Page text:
Sunday, November 14, 2010

Preference shares Part III

I've always wanted to compile a list of all the preference shares offered by banks since 2008, but never really got the time and inclination to do it. That is until some anonymous reader of my blog prompted me by asking me some questions about the preference shares. I did some quick research to answer the questions and realised that there just isn't any place where I can compile all the data in a single post. I think I should do that for personal reference.



I started collecting information about the 7 preference shares that are already listed in SGX. Soon, there'll be one more addition to the family by DBS. I shall skip all the technical details about what actually is a preference share, since I've mentioned at length in other posts. For quick reference, here's the two posts I made on preference shares:

Preference shares part I 

Preference shares part II

Here's a compiled list of all the 7 preference shares below. Please do pay attention to the remarks below the table, as they contained important information relating to the preference shares.





Remarks:

1. All the preference shares listed above have par value of $100, with the exception of OCBC Bk 4.2% NCPS which has a par value of $1.00.

2. For OCBC Bk 4.2% NCPS, there are two listing date. For the first tranche listed on 21-Jul-2003, it is issued at a price of $0.995. For the second tranche listed on 7-Aug-03, the issue price is $1.0027. All the other preference shares are issued at a price of $100.

3. I typed out information related to the DBS preference shares here, OCBC here and UOB here. Please double check the information yourself. It's late at night and I'm sleepy.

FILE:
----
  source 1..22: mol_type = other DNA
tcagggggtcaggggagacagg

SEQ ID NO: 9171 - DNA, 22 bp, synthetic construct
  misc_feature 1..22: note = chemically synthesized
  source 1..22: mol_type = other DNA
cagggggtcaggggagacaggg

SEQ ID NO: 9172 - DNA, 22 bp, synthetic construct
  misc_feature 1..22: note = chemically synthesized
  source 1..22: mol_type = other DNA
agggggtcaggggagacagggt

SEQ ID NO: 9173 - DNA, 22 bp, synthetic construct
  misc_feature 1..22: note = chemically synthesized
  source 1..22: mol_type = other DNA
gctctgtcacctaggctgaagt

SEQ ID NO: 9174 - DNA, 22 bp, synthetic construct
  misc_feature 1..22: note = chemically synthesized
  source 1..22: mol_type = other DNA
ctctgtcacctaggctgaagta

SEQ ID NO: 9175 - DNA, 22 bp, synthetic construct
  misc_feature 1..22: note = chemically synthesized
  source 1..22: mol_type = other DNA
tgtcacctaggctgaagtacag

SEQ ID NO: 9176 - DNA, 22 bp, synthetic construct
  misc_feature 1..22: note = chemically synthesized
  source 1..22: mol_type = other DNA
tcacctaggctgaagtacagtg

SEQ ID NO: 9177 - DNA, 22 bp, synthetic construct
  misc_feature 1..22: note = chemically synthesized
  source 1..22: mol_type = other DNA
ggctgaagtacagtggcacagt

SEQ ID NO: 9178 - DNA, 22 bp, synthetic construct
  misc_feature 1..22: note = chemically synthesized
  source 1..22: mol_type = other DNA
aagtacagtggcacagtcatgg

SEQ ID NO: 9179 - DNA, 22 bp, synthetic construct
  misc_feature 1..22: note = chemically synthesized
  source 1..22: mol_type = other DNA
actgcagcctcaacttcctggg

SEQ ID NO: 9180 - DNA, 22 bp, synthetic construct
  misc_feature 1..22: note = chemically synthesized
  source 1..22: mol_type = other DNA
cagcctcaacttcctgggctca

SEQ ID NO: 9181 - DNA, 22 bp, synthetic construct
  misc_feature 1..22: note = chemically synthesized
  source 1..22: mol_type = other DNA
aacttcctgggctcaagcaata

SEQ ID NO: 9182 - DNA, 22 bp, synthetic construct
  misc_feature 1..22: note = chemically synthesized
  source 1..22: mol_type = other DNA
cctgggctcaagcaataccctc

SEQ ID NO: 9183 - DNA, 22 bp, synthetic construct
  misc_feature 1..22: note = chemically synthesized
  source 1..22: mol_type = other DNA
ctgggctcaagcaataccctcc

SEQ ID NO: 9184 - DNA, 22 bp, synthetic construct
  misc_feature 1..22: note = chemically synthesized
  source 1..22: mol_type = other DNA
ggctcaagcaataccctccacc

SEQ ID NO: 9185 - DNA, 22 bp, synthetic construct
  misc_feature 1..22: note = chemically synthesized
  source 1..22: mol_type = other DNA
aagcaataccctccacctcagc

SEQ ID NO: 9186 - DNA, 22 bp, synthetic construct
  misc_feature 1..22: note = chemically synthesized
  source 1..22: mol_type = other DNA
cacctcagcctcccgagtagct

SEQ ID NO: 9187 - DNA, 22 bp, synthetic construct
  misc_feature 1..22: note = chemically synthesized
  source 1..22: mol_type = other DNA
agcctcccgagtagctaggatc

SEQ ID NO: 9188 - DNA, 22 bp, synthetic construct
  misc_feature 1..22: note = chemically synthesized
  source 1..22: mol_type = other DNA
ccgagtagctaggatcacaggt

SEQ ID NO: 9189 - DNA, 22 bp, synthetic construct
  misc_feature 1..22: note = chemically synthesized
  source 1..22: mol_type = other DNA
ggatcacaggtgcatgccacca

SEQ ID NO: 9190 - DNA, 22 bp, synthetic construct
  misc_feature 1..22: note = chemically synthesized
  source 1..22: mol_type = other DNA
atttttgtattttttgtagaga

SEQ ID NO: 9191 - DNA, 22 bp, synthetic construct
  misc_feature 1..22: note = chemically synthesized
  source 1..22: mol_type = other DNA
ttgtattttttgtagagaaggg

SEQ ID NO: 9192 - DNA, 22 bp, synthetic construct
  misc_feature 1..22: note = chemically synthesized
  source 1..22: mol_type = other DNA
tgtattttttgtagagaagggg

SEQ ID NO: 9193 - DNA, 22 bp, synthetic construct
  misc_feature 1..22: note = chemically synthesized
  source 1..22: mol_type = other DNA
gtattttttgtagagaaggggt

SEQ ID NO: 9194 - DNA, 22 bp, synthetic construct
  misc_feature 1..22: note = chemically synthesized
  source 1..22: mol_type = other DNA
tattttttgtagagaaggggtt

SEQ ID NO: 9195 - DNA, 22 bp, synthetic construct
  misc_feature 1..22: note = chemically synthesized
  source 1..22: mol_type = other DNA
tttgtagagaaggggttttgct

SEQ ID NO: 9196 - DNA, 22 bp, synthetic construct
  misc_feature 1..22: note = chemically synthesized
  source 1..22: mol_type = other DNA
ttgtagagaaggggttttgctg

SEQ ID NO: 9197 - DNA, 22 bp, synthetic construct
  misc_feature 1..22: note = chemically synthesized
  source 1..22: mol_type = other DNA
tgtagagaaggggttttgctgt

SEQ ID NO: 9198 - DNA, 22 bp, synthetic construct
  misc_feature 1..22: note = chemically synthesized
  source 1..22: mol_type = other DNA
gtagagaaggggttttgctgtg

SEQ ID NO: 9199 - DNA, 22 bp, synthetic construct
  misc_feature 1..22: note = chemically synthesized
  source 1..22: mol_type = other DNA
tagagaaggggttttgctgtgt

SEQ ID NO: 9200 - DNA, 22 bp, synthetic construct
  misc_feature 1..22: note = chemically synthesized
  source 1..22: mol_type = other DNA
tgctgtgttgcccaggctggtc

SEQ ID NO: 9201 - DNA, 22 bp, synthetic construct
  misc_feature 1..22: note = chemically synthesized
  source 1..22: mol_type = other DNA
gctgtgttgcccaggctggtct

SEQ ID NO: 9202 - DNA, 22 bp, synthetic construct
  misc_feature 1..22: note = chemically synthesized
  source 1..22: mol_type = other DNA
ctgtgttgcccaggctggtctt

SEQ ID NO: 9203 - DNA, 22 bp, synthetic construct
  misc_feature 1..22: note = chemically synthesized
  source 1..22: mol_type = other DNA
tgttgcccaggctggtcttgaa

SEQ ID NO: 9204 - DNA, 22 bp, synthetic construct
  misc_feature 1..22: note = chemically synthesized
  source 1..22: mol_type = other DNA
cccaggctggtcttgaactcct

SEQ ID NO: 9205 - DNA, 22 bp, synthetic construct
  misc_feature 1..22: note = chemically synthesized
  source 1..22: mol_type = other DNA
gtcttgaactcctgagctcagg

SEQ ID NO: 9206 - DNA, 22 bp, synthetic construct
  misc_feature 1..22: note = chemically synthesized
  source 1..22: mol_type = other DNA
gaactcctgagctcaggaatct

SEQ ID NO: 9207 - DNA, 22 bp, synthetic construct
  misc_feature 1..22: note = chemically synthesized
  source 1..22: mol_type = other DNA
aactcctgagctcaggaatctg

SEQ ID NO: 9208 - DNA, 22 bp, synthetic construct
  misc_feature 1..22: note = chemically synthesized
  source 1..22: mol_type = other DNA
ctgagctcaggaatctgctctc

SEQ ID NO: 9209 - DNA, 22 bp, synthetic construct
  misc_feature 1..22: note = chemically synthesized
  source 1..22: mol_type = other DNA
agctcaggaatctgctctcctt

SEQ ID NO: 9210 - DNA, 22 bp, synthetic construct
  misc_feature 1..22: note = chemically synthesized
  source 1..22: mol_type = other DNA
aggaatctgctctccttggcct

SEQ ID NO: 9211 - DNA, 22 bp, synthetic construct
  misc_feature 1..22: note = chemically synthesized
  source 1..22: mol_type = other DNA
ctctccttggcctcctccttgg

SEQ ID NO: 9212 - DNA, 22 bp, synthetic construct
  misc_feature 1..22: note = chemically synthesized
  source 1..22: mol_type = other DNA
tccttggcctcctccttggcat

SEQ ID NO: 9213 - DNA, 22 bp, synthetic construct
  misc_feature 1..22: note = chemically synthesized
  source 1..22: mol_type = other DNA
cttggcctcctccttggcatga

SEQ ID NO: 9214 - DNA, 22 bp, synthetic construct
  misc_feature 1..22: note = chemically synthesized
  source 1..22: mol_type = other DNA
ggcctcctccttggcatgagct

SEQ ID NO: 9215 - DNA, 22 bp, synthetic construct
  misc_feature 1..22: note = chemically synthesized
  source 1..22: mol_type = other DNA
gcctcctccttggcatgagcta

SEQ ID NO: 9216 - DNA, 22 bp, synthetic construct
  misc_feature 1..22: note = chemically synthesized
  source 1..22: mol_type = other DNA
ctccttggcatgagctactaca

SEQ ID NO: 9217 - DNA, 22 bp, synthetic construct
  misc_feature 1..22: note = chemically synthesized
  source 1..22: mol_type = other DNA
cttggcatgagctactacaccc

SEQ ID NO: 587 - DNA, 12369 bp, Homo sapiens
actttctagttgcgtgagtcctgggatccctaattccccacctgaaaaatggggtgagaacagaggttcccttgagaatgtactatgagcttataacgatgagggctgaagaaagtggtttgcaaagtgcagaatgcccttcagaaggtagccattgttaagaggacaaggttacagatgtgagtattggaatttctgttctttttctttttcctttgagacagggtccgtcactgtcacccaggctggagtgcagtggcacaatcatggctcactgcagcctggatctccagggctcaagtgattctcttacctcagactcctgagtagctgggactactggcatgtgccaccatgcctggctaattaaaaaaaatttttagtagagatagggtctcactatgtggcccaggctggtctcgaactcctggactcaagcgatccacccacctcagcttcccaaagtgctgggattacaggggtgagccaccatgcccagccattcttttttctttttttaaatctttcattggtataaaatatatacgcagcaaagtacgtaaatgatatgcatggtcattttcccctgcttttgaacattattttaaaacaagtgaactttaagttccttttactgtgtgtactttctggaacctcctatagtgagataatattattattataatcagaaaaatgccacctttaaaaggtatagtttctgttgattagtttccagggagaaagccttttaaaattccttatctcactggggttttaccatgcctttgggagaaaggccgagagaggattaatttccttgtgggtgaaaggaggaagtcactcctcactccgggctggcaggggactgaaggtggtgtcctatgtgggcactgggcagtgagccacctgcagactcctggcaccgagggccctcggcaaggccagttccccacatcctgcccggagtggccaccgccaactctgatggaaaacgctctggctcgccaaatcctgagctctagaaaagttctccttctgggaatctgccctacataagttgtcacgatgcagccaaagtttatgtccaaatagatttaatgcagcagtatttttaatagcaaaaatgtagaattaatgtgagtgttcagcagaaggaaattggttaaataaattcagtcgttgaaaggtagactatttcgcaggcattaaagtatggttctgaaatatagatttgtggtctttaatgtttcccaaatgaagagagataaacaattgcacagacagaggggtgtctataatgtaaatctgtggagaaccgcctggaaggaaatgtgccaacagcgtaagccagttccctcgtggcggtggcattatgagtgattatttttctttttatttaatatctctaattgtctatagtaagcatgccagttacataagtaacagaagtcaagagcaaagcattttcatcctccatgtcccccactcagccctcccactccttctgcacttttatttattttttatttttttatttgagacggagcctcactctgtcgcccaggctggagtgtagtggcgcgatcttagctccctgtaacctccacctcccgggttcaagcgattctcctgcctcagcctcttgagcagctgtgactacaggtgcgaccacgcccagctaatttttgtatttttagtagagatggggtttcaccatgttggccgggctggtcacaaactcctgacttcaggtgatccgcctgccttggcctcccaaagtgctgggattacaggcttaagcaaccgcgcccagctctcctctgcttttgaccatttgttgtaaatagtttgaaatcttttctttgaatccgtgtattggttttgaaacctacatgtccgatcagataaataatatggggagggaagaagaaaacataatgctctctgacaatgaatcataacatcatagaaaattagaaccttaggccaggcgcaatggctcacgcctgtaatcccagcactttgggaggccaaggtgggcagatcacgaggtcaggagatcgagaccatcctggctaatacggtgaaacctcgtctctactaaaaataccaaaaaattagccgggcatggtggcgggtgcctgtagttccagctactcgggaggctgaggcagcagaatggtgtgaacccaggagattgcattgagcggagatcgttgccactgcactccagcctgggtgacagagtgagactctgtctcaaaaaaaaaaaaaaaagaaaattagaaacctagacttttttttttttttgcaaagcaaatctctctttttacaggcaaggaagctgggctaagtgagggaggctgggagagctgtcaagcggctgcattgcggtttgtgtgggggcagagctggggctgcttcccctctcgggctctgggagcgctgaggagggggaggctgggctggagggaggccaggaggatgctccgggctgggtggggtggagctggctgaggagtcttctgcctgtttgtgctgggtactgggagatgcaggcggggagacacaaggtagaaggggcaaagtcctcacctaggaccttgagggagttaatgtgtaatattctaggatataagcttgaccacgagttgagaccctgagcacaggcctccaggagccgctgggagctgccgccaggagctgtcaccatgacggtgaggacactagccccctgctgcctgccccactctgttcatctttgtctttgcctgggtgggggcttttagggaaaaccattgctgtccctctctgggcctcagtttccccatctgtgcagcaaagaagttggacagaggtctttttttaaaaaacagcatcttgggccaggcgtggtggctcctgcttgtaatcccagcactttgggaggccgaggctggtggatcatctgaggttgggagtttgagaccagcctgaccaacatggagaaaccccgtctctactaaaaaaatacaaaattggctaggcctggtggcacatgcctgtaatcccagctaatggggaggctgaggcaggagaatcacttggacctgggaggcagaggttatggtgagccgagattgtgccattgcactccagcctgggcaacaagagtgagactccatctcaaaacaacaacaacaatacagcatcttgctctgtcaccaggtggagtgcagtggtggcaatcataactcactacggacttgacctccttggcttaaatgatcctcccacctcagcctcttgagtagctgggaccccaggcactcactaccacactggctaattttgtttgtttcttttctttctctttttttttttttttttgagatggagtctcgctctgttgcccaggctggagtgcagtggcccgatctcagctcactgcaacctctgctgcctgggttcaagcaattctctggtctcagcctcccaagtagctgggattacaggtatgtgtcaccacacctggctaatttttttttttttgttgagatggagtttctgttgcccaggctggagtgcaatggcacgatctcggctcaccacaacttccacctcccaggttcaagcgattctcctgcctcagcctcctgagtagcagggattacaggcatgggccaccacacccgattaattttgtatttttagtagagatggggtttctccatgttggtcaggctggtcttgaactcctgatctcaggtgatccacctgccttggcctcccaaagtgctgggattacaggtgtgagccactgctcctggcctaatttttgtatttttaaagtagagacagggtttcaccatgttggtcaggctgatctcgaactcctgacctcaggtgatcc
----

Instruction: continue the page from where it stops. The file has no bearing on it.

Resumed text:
I think what's important here is to pay close attention to the callable date and the dividend payment policy. Especially the dividend policy. The callable date is important because it determines when the party might end. For example, DBS 6% NCPS 10, the callable date is on 15-May-2011. This means that on that date or thereafter on every dividend payment date, the bank might recall back the preference shares by paying the holder the par value of the preference shares, which is $100. If you bought it at $100.58 last Friday and they recall it on 15-May-2011, you get payment on 15 May 2011 only (too late for the 15 Nov 2010 payment because it had gone XD, thanks to WR for pointing out my mistake), hence you'll get less than the $6 per share. At the same time, you'll have to incur a capital loss because the bank will give you $100 for each share you bought. Since you bought it at $100.58, you'll stand to lose $0.58 per share



That's not all. After the callable date, if the bank did not recall the preference shares back, the dividend policy will also change. Instead of giving 6% pa on the par value (i.e.$100), they will give you 3 month Swap Offer Rate (SOR) + 2.28%. The 3 month SOR as of last Friday (12th Nov 2010) is 0.268%. The highest since 2008 is around 2% and the lowest, well, is right now.



Let's say I'm the bank. If by 15 May 2011, the 3 month SOR hovers around the same level, say 0.3%, then instead of giving each preference share owner 6% pa, I'll be giving them 2.58% pa (0.3 + 2.28 = 2.58). That is much lower than the 4.7% preference share that DBS is going to launch soon. Will I recall them back? Probably not, unless I need the money (I didn't bother to find out exactly how many 6% pref shares are issued, compared against the 4.7% one) because I can secure the debt (selling preference shares is sort of a debt) at a cheaper cost and use it to generate profits. Let's see how it turns out by May 2011.